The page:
Precipitation titrations are a form of titration useful in the determination of halides such as chlorides, bromides and iodides. These titrations involve the use of a precipitating agent such as silver nitrate, and are therefore also known as argentimetric titrations. Depending on the method of detecting the end point of the titration, there are three methods in precipitation titrations: Mohr’s method, Volhard’s method and Fajan’s method.
The Mohr’s method involves the use of a silver nitrate solution as the titrant for the determination of chlorides and bromides in the presence of potassium chromate indicator. When a chloride containing solution reacts with a standard solution of silver nitrate, it results in the formation of silver chloride. When all the chloride existing in solution is completely precipitated in this manner, the next excess drop of the titrant leads to reaction between silver and the indicator ions. This formation of silver chromate gives a visible end point when the color of the solution changes from yellow to a red precipitate.
Volhard’s method involves the titration of chlorides, bromides and iodides in an acidic medium. Here, a known excess amount of silver nitrate solution reacts with the chloride in solution. When all the chloride is converted to silver chloride, the silver nitrate left behind is estimated by back titration against a standard solution of potassium thiocyanate. After all the silver is consumed in the reaction with thiocyanate, the next excess of thiocyanate reacts with the ferric ammonium sulfate indicator and gives a red color caused by formation of the ferrous thiocyanate complex.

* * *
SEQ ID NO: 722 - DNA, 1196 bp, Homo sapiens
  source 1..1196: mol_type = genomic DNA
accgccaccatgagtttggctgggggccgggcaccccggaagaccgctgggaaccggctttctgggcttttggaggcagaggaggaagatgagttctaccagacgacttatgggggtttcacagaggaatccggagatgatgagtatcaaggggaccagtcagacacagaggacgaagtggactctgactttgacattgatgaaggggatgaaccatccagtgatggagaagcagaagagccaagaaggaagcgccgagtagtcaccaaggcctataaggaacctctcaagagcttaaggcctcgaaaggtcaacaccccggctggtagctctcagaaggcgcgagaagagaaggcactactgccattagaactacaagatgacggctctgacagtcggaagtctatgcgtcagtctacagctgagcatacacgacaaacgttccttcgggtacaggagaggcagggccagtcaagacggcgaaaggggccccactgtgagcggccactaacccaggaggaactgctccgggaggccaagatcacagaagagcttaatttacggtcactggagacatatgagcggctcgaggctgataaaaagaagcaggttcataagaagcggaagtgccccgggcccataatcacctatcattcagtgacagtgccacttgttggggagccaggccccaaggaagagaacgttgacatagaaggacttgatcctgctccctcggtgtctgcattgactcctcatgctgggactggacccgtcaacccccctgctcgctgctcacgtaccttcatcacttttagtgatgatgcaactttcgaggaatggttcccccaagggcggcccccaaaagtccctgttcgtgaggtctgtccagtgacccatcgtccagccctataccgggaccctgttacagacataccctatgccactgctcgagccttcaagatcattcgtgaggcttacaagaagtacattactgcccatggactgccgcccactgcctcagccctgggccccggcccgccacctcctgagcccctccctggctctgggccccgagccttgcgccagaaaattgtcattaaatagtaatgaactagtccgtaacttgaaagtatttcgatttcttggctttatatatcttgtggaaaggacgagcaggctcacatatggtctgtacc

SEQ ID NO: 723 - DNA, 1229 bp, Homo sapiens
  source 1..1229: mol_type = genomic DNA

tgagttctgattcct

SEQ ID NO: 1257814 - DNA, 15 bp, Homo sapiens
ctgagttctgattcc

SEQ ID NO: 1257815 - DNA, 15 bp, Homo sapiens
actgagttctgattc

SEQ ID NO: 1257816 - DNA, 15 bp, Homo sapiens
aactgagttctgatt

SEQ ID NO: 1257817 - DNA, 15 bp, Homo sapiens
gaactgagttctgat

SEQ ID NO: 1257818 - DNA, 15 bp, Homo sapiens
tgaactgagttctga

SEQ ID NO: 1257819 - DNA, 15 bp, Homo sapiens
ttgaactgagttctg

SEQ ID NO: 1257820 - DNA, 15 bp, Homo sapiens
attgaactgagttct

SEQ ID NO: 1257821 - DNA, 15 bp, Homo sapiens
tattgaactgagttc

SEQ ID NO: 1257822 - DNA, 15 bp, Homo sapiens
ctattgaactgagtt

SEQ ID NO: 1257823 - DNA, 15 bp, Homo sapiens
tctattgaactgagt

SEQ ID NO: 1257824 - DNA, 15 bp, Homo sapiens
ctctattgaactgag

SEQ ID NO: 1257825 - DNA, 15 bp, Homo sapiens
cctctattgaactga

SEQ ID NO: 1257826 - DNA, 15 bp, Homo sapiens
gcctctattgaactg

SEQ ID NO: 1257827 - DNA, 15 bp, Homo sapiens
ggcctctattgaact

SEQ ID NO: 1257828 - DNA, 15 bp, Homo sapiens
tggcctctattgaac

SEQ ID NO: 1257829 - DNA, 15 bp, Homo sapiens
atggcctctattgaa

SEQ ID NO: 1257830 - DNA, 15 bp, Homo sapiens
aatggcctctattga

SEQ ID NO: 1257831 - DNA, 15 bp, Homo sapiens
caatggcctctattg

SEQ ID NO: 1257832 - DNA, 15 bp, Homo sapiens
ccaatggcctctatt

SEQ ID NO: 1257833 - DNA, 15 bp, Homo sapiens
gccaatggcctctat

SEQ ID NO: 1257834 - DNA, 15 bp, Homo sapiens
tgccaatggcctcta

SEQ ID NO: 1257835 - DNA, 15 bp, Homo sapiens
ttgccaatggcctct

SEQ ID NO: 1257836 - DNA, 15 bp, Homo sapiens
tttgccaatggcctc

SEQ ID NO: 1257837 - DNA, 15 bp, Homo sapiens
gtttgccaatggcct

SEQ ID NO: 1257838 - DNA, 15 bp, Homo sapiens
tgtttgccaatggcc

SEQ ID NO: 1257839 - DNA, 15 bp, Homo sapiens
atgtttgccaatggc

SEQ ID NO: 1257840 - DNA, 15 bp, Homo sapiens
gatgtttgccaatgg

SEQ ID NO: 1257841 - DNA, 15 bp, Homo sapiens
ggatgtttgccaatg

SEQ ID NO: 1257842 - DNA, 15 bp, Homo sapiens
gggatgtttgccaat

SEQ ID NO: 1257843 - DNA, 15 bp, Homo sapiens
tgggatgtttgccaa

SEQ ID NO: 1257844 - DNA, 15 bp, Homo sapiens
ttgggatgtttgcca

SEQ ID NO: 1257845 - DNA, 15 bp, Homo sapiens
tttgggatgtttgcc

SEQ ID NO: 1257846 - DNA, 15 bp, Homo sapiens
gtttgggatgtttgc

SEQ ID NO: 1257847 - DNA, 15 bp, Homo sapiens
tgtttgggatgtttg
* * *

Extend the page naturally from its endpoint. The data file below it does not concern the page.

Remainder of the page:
Fajan’s method makes use of a reaction between the indicator and the precipitate formed during the titration. A dye such as dichlorofluorescein is the indicator, and exists as an anion in solution. In a solution of chloride, since chloride ions are in excess, they form the primary layer on the precipitate, with the cations of sodium held as the secondary layer. On completion of the reaction, at the end point, the silver ion is in excess. As a result, the primary layer is now the silver ion which is positively charged and attracts the anion of the indicator to form the secondary layer. The color of the free indicator is different from that of the adsorbed indicator. This provides a visible end point to signal that the reaction is complete.
Mohr’s method is used for the determination of chloride in neutral solutions. Under acidic conditions, the chromate ion is protonated to form chromic acid, which does not produce the precipitate at the end point. Too alkaline a solution results in the formation of silver hydroxide, which has a brown color that interferes in detection of the end point. Volhard’s method gives best results in an acidic medium. In neutral solutions, the ferric ion of the ferric ammonium sulfate indicator is precipitated as iron hydroxide, which interferes in the reaction.